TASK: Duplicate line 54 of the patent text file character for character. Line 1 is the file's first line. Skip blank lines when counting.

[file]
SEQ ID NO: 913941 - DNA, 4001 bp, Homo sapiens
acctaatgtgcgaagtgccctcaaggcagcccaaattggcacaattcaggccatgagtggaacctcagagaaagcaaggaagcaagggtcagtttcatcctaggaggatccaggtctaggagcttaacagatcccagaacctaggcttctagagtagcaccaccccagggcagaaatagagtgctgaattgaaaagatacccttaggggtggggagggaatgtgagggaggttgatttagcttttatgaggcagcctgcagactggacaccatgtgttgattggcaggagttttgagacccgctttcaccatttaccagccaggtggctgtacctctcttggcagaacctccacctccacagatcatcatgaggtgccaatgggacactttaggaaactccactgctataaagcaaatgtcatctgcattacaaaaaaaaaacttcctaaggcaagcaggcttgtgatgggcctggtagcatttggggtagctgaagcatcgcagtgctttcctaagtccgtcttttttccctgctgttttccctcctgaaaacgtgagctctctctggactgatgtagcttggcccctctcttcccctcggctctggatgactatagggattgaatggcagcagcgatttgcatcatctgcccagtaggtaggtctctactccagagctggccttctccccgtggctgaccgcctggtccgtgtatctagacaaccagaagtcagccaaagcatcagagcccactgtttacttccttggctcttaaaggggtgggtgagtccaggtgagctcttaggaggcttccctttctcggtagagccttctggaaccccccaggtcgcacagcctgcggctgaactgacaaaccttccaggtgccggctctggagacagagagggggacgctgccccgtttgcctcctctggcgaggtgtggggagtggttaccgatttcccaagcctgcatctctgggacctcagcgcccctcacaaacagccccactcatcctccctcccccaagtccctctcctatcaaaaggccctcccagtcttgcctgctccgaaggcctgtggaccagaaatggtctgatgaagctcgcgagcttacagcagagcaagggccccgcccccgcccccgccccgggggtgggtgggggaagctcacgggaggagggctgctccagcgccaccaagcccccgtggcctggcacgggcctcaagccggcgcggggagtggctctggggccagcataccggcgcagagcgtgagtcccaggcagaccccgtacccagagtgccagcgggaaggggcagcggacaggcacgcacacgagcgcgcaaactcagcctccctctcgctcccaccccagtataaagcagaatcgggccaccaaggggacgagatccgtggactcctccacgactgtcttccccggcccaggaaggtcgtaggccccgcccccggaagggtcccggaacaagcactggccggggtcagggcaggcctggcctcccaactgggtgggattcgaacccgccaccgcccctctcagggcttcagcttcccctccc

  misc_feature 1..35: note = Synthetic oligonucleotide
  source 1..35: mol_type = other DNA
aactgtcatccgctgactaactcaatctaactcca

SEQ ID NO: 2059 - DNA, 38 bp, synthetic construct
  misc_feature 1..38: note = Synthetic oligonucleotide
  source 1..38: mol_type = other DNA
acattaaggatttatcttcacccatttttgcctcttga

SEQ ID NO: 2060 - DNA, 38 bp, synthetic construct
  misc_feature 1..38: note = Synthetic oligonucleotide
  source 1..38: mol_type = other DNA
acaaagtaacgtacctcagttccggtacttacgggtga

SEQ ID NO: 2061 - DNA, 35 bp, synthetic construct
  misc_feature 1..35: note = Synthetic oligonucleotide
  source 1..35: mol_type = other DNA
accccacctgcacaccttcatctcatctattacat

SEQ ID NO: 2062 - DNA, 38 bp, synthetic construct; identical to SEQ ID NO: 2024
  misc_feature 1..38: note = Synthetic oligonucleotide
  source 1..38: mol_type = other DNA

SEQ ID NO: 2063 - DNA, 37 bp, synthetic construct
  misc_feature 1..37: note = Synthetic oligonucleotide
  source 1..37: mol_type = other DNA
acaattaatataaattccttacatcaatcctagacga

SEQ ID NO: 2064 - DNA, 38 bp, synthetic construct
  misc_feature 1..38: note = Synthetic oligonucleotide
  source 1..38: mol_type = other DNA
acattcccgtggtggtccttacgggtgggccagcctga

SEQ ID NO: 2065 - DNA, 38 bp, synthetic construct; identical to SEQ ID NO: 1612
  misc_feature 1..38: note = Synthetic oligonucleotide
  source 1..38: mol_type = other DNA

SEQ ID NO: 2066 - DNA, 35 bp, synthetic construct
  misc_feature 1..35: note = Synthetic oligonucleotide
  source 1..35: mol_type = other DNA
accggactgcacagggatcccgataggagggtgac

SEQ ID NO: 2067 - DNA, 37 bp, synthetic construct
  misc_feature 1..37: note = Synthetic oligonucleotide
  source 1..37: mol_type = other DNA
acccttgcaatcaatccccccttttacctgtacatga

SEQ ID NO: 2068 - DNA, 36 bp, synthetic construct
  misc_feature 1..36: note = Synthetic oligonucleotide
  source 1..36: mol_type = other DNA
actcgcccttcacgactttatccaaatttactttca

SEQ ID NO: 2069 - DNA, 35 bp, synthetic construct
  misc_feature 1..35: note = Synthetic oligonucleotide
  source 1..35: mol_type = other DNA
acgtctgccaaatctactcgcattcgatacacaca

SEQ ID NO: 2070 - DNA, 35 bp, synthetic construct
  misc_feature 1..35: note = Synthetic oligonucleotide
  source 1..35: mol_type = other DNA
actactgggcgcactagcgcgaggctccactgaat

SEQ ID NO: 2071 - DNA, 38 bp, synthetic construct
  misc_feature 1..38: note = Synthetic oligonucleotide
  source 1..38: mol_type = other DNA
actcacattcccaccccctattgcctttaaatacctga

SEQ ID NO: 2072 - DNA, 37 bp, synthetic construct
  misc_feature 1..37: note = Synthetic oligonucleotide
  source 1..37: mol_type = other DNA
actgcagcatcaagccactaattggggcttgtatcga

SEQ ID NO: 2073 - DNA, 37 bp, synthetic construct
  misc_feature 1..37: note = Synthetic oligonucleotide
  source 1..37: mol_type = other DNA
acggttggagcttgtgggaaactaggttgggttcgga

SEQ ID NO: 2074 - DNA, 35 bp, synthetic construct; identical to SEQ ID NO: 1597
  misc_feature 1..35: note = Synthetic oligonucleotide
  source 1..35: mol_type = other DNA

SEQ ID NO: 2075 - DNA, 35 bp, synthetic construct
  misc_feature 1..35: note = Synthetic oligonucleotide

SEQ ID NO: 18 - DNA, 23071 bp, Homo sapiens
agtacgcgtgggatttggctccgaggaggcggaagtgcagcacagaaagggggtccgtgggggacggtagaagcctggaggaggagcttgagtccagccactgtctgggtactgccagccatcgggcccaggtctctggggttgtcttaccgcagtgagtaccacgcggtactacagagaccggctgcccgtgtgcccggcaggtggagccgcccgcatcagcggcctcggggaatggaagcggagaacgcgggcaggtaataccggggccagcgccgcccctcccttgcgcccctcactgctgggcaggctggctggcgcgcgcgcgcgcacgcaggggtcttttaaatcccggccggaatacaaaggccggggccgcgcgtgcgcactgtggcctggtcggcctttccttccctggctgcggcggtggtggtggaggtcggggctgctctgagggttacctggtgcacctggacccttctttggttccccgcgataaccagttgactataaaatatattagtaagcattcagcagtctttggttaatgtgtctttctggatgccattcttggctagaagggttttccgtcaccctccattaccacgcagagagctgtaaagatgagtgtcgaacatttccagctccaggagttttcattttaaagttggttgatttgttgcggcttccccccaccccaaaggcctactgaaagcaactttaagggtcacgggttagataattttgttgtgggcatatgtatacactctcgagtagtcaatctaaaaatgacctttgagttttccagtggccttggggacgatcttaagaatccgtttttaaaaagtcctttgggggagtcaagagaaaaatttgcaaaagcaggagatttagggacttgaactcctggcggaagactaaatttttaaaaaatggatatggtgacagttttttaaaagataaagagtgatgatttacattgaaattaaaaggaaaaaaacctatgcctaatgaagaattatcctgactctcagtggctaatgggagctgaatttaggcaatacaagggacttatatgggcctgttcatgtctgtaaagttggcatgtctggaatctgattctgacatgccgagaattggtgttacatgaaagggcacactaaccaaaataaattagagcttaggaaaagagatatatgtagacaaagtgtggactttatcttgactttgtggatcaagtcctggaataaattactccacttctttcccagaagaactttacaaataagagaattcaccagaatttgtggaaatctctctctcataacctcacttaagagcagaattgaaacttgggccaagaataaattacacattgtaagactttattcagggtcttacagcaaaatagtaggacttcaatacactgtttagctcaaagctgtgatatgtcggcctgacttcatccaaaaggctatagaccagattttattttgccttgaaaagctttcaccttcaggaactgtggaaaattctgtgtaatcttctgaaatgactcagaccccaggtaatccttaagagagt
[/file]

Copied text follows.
  source 1..38: mol_type = other DNA